Over the last 5 1/2 weeks, it seems my worst fear has come true. I’ve learned to live with chronic pain. Generally, it has gotten a little better each and every day. But a whole new kind of pain has begun with physiotherapy. Unlike the pain of the initial fall, or the pain right after surgery, the pain of physio is self inflicted. My joint is actually able to move, it’s the pain that’s keeping me from moving it. The muscles along the upper left side of my body have completely seized up in efforts to protect my arm. That stiffness has only contributed to the pain.
Now when I get asked where my pain is on a 1 to 10 scale, my perception of it is totally different. I have experienced a lot of 10s. So while my elbow still hurts with every waking and sleeping moment, it’s bearable knowing that it’s nowhere close to the pain I once felt.
Learning to manage chronic pain has turned into a huge life lesson for me. It’s humbled me. It’s made me more sympathetic. Of everything that’s happened over the course of these last several weeks, dealing with the pain has by far been the trickiest part. I can live with the use of one arm, but it’s hard to live when you feel crippled by pain.
The other thing I’ve learned is that I shouldn’t be stubborn and make myself suffer. My instinct is to be tough and try to get through this without pain medication. But my physiotherapist has instructed me to take painkillers to get through our exercises. I can’t very well do much when I’m breaking down into tears on the the physio table. Meanwhile, Tylenol has just become a part of my daily routine.
Overall, I’d say yes, living with pain everyday really does suck. It doesn’t get any easier or feel any less painful because it’s constant. But I’ve learned to manage it. I’ve learned to continue on despite the knives constantly twisting into my arm. Being in pain is actually quite exhausting. But the only thing I can do is just deal with it and take it as it comes. Because, what other choice do I have?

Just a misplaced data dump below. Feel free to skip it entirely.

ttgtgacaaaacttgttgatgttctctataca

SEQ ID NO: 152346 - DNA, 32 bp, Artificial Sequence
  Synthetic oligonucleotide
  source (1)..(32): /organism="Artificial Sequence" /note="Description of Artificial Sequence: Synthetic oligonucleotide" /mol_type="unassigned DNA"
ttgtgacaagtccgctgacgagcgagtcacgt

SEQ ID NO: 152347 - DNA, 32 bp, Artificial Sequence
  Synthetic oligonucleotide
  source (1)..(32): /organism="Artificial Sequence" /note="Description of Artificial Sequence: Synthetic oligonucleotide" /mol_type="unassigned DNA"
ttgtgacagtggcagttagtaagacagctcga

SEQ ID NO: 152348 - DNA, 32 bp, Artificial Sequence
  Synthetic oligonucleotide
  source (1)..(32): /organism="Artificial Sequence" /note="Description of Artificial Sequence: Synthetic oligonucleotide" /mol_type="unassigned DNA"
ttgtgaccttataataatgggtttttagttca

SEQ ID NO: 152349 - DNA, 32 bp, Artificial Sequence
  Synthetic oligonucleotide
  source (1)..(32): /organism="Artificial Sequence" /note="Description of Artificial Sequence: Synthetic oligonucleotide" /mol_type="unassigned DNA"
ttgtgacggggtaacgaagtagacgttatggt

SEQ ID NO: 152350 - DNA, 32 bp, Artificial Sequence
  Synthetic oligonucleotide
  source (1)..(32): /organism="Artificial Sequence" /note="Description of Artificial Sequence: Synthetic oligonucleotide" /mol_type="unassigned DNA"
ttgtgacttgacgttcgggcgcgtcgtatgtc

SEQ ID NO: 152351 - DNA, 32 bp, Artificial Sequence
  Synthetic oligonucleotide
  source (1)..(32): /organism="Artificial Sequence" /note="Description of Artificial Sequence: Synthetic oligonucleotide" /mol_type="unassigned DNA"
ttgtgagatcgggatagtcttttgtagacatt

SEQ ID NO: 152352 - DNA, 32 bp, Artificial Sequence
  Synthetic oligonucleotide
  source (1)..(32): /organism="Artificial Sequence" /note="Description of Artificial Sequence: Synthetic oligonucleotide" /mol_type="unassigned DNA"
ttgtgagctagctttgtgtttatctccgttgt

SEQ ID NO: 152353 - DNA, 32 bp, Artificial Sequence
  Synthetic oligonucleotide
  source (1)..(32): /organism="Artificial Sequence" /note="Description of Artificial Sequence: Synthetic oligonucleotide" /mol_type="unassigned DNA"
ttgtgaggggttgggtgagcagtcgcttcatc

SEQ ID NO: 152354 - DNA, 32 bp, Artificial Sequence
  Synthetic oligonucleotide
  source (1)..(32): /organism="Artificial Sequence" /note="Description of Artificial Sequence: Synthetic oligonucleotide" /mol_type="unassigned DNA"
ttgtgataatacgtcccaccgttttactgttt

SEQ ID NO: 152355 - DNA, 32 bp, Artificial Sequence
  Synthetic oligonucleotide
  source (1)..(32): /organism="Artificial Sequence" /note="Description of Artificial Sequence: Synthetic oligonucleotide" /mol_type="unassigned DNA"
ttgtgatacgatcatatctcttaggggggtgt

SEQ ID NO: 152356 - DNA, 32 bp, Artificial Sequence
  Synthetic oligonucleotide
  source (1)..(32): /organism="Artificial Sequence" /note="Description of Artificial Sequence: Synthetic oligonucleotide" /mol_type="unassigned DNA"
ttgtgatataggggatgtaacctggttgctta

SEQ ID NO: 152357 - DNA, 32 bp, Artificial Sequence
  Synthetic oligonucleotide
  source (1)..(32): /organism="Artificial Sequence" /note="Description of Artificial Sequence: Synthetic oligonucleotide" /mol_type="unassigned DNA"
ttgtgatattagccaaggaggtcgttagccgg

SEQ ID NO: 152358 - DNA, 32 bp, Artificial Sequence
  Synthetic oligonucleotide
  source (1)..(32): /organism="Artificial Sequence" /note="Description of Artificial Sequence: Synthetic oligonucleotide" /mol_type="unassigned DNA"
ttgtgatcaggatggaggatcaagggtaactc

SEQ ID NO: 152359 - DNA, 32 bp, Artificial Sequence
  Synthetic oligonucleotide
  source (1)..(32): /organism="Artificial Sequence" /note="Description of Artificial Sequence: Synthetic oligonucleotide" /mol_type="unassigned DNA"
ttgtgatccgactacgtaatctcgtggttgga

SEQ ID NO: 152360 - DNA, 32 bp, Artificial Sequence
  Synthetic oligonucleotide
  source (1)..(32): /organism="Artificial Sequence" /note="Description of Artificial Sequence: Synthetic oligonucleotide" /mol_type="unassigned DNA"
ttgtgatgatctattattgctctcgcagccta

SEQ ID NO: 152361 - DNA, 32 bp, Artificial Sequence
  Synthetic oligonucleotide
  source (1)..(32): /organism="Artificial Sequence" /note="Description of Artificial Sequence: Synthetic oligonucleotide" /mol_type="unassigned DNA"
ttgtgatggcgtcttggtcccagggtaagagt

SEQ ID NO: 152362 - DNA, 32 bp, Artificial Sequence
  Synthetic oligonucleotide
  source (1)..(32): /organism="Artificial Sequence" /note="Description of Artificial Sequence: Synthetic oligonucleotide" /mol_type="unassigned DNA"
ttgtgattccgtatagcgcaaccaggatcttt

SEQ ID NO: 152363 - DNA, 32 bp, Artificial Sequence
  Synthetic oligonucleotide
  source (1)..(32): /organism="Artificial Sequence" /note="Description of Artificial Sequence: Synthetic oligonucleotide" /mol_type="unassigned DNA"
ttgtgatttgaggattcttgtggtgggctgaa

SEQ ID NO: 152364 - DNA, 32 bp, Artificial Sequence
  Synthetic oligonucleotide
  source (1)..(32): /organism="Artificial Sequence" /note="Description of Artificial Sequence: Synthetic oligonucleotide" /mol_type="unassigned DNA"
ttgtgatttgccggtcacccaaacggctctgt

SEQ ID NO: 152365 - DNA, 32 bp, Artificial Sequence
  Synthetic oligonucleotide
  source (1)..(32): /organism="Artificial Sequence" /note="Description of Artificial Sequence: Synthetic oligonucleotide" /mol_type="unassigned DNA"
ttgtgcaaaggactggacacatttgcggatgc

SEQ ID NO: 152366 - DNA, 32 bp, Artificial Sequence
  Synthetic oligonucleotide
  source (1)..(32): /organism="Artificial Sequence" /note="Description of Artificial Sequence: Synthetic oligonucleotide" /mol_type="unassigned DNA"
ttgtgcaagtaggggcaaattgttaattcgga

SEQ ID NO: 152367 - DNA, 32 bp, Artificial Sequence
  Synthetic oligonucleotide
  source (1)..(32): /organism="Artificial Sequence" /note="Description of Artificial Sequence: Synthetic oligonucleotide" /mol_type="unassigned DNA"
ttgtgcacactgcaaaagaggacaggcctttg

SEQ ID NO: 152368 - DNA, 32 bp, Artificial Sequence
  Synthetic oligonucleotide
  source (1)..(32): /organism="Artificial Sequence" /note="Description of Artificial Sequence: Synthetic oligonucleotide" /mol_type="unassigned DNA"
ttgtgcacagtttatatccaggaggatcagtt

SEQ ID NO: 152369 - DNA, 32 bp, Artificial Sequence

You know those “confessions” posts that bloggers often do? Well this is me being brutally honest. I’ve been jarring them up for too long. My intent is never to insult anybody. This is not a mean-spirited attempt at being entertaining. But I’m also tired of being cutesy ;)
1. I don’t care for blog giveaways. I do sometimes host them on my blog because it’s a fun way to give back to readers with prizes I actually like. But in general I don’t read or participate in the giveaways of others because I already own enough crap I don’t use. I think it takes away from what could otherwise be quality content on blogs. Especially when they happen weekly. It’s irritating. If I liked hearing about people winning things, I’d get the Game Show Network.
2. I get a little irked when people say “You’ll be better in no time!” about my arm injury. Don’t worry if you’ve said this, I’m certainly not mad at you. I understand those who say it are coming from a good place and I really appreciate the intention.
But I feel like assuming my injury will heal up fast minimizes what I’m going through. This has been the longest month of my life, and saying “no time” reminds me I still have many months of healing ahead of me. I’m not a drama queen. I know the specifics of my own injury, and I’m trying not to fool myself about it.
3. I still don’t know what I want to be when I grow up. Ever notice that men are really good at staying in a job for 20 years, but women change jobs every 2 years? What’s up with that? What’s wrong with us?
4. I feel like a giant loser for moving back home. Despite the fact that it’s what I reallyreally want to do.
5. As a follow up, my family is kind of in shambles right now. This only fuels my need to be home with them as soon as possible. Not just for them, but for me too.
6. I think a lot of health conscious people are too obsessive and take it to an extreme where it is no longer healthy. Most people have inherent obsessive tendencies, and it’s obvious a lot of people channel that towards healthy eating and exercise.
Unfortunately, it’s often ignored. Or worse, praised because it’s disguised as a good thing. It’s not. I can’t tell you how many times I’ve seen or heard of a person freaking out about eating white bread. Freaking out about ingesting 1/4 cup white flour is NOT healthy.
7. I used to play a lot of music, namely guitar, piano and singing. But I gave it up because I thought I wasn’t good enough. Even though I was constantly encouraged by others to continue, my own self doubts are what made me stop. Playing music makes me feel inadequate.
8. I can’t read books with one hand. I drop it every time I try to turn the page. I’ve been dying to do a book review on here, but I haven’t been able to get through it.
9. I’m really, really messy. Not dirty per se, as I’m scared of getting smelly things, bugs or mold. But you know how some people look at a mess and get really bothered to the point where they have to clean it up? Well, I’m the opposite.